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Efficient use of student's natural abilities: Sufficient number of grades

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The education system is totally unstructured and overspecialized in my opinion.


I believe that a factor of uncertainty regarding what is required of them plays a major part in how student's grades eventually play out, and that this is shameful. If a student knows they must do exactly X in order to get a certain grade, then they can simply decide what grade they want and do the associated work. If it REALLY proves to be too time consuming for them, possibly because of their natural limitations, then they will simply decide on a lower grade or give up on the material.


In reality what happens is that perfectly capable students end up doing poorly because it is not clear what is expected of them until their grade is already significantly handicapped.


It is my belief that the efficiency of the education system greatly suffers for this reason.


The problem is that it is not an easy task to create such a clear path that a student can see to the grade of their choice. Many naive approaches do not really work, for instance, the idea that you can simply tell them to do a certain amount of reading is invalid. One student may need to read something 10 times, and another may learn that same material just from listening to the teacher's lecture.


Another problem is that irrelevant factors end up playing a part in the grading in many cases where there is no objective and precise means of grading. This occurs because a question on a test does not logically necessitate the class of answers that is accepted. It is especially a problem in courses where there is little or no objective standard such as English or literature courses.


Because the path varies from student to student, it seems like the only way to give a student such a picture is to have some way that their earlier grades do not provide a huge part in their final grades, thus giving them time to adjust their strategy to the teacher's style. Each teacher's testing methods are different and different material requires different testing methods as well and so a new training period is required when either of these things change. The testing methods must be objective and precise so that the student knows exactly why they lose any points and that it represents a valid deficiency in their knowledge (and consequently their study habits).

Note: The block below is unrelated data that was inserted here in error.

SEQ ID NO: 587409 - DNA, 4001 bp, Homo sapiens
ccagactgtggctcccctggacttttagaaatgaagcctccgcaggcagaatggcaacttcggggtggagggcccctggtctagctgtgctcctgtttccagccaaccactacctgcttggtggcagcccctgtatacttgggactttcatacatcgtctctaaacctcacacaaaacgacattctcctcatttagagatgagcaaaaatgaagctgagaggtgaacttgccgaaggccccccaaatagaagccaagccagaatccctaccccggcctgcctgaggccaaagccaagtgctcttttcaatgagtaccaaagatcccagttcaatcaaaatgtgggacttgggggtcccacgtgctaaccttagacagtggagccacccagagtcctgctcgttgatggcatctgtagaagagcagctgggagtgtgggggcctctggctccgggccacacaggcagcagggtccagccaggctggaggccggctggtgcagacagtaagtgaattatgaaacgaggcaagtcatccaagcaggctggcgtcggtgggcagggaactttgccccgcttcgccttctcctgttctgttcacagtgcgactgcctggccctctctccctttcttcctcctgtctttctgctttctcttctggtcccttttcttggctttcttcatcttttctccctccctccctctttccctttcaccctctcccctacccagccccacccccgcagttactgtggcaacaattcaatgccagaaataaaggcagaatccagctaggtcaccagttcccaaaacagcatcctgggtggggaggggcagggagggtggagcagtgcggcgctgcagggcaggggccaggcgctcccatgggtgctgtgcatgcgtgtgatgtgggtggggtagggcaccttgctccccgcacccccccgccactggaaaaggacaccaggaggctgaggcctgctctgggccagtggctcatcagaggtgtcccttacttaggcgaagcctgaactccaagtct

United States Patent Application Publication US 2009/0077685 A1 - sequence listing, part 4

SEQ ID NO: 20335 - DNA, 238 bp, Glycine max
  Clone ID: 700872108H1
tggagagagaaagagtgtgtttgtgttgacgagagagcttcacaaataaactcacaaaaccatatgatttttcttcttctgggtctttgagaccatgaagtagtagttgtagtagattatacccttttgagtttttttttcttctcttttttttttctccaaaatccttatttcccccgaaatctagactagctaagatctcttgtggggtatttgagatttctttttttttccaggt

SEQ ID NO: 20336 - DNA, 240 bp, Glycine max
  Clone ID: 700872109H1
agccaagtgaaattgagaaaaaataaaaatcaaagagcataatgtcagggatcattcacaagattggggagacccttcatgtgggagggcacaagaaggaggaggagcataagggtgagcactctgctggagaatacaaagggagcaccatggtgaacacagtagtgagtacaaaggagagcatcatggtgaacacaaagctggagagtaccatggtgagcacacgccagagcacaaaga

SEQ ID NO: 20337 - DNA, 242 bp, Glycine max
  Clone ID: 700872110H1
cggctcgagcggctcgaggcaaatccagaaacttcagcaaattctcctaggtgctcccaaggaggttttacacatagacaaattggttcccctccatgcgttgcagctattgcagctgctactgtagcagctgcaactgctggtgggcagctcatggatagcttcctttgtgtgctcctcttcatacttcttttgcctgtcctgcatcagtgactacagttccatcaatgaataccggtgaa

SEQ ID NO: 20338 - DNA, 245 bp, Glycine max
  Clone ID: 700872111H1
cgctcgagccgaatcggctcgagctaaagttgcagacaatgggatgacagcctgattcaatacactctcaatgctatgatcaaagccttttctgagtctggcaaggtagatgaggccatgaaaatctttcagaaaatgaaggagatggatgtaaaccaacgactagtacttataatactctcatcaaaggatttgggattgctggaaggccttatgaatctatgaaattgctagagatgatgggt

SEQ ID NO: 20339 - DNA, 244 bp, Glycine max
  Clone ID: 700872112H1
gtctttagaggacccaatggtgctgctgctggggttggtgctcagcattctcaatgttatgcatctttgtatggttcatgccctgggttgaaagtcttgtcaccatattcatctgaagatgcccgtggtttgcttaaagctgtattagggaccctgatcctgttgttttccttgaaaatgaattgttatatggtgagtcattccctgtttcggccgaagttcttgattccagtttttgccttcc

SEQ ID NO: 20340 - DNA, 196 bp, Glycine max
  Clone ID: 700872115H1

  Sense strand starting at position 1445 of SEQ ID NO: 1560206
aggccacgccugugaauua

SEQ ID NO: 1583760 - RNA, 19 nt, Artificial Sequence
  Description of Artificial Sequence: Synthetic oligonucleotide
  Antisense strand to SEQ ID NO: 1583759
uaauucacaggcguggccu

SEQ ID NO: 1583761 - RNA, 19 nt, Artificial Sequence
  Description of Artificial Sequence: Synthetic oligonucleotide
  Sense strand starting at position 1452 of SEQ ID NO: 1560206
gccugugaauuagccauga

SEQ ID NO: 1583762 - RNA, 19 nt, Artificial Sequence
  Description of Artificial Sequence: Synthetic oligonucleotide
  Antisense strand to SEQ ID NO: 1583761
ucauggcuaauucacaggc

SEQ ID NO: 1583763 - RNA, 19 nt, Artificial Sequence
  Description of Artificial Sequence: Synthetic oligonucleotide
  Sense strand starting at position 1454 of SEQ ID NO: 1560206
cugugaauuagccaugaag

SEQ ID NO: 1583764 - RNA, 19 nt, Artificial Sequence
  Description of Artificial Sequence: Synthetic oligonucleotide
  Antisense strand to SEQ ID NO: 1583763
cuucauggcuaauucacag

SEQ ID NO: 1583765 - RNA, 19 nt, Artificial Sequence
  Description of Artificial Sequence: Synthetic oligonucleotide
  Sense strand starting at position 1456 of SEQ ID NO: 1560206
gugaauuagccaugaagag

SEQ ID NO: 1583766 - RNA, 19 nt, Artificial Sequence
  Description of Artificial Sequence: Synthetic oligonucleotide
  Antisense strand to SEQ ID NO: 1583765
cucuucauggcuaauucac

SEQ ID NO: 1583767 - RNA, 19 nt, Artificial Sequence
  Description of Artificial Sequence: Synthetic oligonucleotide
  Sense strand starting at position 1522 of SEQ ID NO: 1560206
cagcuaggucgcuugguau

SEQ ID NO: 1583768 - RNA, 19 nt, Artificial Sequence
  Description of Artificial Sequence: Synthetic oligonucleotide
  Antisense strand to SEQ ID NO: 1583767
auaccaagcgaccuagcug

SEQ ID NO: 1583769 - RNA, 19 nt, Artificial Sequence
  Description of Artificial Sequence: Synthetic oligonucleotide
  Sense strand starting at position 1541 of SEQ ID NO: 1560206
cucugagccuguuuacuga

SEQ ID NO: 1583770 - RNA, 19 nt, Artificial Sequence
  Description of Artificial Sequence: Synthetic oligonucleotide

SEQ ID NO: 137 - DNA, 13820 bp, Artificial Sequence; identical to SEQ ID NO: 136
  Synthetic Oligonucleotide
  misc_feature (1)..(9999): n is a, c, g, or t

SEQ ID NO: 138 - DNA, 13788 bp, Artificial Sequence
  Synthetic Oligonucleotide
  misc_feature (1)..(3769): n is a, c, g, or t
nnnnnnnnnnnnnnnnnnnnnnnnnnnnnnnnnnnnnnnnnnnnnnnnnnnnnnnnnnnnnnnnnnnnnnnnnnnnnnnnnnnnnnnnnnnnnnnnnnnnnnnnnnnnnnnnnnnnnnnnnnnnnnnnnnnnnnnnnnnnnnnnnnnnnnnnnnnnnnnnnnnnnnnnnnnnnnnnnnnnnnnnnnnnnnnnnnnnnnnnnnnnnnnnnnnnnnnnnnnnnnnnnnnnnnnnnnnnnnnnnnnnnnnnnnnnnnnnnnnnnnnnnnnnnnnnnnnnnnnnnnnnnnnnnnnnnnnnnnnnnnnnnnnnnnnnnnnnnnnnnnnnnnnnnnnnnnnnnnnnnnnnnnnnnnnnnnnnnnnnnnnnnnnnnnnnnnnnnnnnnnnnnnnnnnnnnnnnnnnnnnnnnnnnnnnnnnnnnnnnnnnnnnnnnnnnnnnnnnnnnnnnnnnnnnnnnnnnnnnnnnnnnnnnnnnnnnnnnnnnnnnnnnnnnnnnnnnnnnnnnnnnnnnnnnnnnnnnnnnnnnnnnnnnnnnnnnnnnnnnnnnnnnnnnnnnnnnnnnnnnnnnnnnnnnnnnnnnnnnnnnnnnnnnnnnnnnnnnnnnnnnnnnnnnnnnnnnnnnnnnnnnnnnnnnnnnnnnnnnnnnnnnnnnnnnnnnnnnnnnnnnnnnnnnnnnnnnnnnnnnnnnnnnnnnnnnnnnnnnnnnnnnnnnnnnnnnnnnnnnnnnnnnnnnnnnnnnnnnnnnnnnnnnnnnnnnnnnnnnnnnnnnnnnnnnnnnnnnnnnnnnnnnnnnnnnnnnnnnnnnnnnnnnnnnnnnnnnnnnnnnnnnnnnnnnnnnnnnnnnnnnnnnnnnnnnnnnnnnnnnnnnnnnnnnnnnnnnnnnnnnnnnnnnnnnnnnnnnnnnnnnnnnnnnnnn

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I agree with most of what you stated.


I personally think that grades can be a hindrance to learning. My last two and a half years of college were spent at The Evergreen State College. I chose to go there because of it's renowned programs in environmental studies, it's unique approach to teaching, and it was a relatively low cost public school for out of state students. What I was able to learn at that school trumps any other schooling I've ever had.


There are no grades! Students are given assignments as normal, but instead of a quiz, we would have group circles twice a week where we would discuss the reading assignment and sometimes even formally debate certain ideas. Upper level classes had tests per usual, but the scores on the test were mostly superficial. Students earn credits for participation. Of course, if a student never comes to class, or never comes to discussions, or doesn't show up for tests etc. they will get less, or sometimes no, credit for the class.


At the end of the quarter, the student writes an evaluation of the teacher(s) and the teacher writes an evaluation for each student. Students individually sit down with the teacher for a discussion on their strengths and weaknesses in the class as well as to discuss the evaluations.


It's a unique approach to learning and it's certainly not for everyone. Nonetheless, for some people, this system works much better. You might be someone who would benefit from this type of environment, redneckscholar. (Though, Evergreen is not the place to go for IT :singer:)

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  • 2 weeks later...

It sounds interesting. I often wonder what would happen if the whole system was privatized. I think something like that would end up occuring and then maybe in addition there would be tests to determine how much of the material you actually knew that were funded by the corporate sector. The tests would be administered by whoever could come up with the test that best reflected a person's ability to succeed in the workplace with the knowledge they gathered. If basic functionality was seperable from extreme knowledge that would allow a person to innovate and adapt in many different situations, then there would be economic motivation to recognize this.